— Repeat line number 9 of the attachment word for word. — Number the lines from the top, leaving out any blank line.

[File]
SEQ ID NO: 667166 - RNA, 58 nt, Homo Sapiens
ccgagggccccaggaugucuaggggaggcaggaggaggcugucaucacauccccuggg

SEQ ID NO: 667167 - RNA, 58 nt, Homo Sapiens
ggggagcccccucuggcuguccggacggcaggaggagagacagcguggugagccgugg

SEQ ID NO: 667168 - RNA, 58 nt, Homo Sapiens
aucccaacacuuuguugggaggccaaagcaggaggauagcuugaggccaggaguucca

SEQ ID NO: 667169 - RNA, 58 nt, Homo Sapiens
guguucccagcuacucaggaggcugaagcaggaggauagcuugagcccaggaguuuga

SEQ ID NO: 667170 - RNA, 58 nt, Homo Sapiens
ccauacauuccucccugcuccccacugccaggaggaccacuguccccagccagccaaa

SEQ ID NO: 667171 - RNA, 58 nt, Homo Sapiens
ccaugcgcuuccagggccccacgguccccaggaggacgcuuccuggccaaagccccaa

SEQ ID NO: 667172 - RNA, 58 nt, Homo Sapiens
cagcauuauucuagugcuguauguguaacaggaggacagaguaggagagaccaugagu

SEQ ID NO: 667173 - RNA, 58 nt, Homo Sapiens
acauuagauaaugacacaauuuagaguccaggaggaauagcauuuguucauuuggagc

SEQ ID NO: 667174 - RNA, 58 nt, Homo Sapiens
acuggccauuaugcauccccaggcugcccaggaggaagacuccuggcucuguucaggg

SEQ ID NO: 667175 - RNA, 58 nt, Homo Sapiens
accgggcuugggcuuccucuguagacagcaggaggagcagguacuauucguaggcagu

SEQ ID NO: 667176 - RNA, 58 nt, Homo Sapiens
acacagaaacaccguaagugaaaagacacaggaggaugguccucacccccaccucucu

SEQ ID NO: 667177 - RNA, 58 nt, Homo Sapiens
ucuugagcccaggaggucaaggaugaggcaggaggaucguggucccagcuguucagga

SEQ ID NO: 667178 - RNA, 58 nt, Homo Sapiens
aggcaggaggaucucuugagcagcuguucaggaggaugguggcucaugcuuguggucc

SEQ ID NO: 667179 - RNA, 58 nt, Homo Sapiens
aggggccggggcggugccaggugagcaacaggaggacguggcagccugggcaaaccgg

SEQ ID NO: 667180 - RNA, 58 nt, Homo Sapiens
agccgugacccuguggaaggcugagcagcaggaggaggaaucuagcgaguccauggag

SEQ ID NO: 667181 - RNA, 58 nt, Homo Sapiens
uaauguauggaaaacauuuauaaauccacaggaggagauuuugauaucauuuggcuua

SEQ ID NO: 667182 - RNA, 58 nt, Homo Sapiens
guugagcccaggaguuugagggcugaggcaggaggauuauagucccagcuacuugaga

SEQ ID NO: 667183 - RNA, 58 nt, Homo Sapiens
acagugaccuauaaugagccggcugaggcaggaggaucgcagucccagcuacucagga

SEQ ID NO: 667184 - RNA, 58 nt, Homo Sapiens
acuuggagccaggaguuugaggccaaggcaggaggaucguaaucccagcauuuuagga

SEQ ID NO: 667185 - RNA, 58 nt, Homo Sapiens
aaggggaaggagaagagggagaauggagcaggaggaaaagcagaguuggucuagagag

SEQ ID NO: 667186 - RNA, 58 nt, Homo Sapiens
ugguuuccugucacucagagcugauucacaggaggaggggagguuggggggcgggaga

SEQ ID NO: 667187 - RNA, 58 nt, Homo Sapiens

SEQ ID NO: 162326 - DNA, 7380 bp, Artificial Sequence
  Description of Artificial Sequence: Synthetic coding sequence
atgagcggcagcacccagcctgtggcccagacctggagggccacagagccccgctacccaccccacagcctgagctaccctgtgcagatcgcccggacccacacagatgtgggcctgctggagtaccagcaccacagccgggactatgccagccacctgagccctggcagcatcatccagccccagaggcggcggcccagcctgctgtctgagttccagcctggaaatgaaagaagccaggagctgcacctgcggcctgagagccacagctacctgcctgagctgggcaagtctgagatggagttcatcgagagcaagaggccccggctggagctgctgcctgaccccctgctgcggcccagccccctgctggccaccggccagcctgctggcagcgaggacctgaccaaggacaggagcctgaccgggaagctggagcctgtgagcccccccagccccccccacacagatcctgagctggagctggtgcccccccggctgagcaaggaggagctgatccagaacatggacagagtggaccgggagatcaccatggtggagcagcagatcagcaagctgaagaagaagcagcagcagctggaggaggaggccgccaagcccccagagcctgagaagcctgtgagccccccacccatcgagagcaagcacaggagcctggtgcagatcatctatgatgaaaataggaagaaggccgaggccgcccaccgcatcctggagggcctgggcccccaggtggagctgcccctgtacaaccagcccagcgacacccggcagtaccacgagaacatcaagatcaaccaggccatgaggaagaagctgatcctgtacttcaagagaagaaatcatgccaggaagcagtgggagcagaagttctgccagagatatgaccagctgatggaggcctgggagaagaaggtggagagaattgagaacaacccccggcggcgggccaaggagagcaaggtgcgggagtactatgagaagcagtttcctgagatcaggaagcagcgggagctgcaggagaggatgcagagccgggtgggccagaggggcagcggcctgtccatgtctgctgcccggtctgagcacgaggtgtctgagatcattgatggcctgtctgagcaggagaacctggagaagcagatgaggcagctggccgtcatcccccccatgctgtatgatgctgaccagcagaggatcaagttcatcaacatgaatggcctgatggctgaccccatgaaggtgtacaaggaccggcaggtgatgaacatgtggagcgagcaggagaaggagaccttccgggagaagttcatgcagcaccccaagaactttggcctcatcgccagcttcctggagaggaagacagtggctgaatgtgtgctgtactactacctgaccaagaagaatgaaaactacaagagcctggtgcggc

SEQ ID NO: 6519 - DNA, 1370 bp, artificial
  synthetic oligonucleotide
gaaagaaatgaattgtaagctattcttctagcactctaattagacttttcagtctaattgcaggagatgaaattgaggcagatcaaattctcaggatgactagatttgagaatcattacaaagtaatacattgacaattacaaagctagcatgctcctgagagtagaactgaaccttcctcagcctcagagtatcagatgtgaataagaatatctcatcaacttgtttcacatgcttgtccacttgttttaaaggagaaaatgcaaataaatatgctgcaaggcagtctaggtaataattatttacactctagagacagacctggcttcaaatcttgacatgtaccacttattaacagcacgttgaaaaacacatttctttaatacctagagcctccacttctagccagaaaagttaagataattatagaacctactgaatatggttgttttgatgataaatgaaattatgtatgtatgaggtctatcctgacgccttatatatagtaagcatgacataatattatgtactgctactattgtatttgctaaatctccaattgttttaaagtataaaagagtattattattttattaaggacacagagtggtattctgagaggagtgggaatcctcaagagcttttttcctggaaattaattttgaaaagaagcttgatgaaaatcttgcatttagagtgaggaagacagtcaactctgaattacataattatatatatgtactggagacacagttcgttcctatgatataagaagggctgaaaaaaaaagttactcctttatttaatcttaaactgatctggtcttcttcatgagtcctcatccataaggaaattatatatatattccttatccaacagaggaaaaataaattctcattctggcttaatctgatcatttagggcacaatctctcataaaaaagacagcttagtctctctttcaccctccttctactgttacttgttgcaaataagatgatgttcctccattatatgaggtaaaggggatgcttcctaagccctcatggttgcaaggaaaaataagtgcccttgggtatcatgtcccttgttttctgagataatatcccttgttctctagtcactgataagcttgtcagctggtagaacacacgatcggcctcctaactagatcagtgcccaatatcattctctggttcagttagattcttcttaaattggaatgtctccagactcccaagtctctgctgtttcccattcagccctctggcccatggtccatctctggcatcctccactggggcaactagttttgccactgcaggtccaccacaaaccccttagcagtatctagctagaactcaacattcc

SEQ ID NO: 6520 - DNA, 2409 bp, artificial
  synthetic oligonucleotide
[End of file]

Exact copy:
SEQ ID NO: 667170 - RNA, 58 nt, Homo Sapiens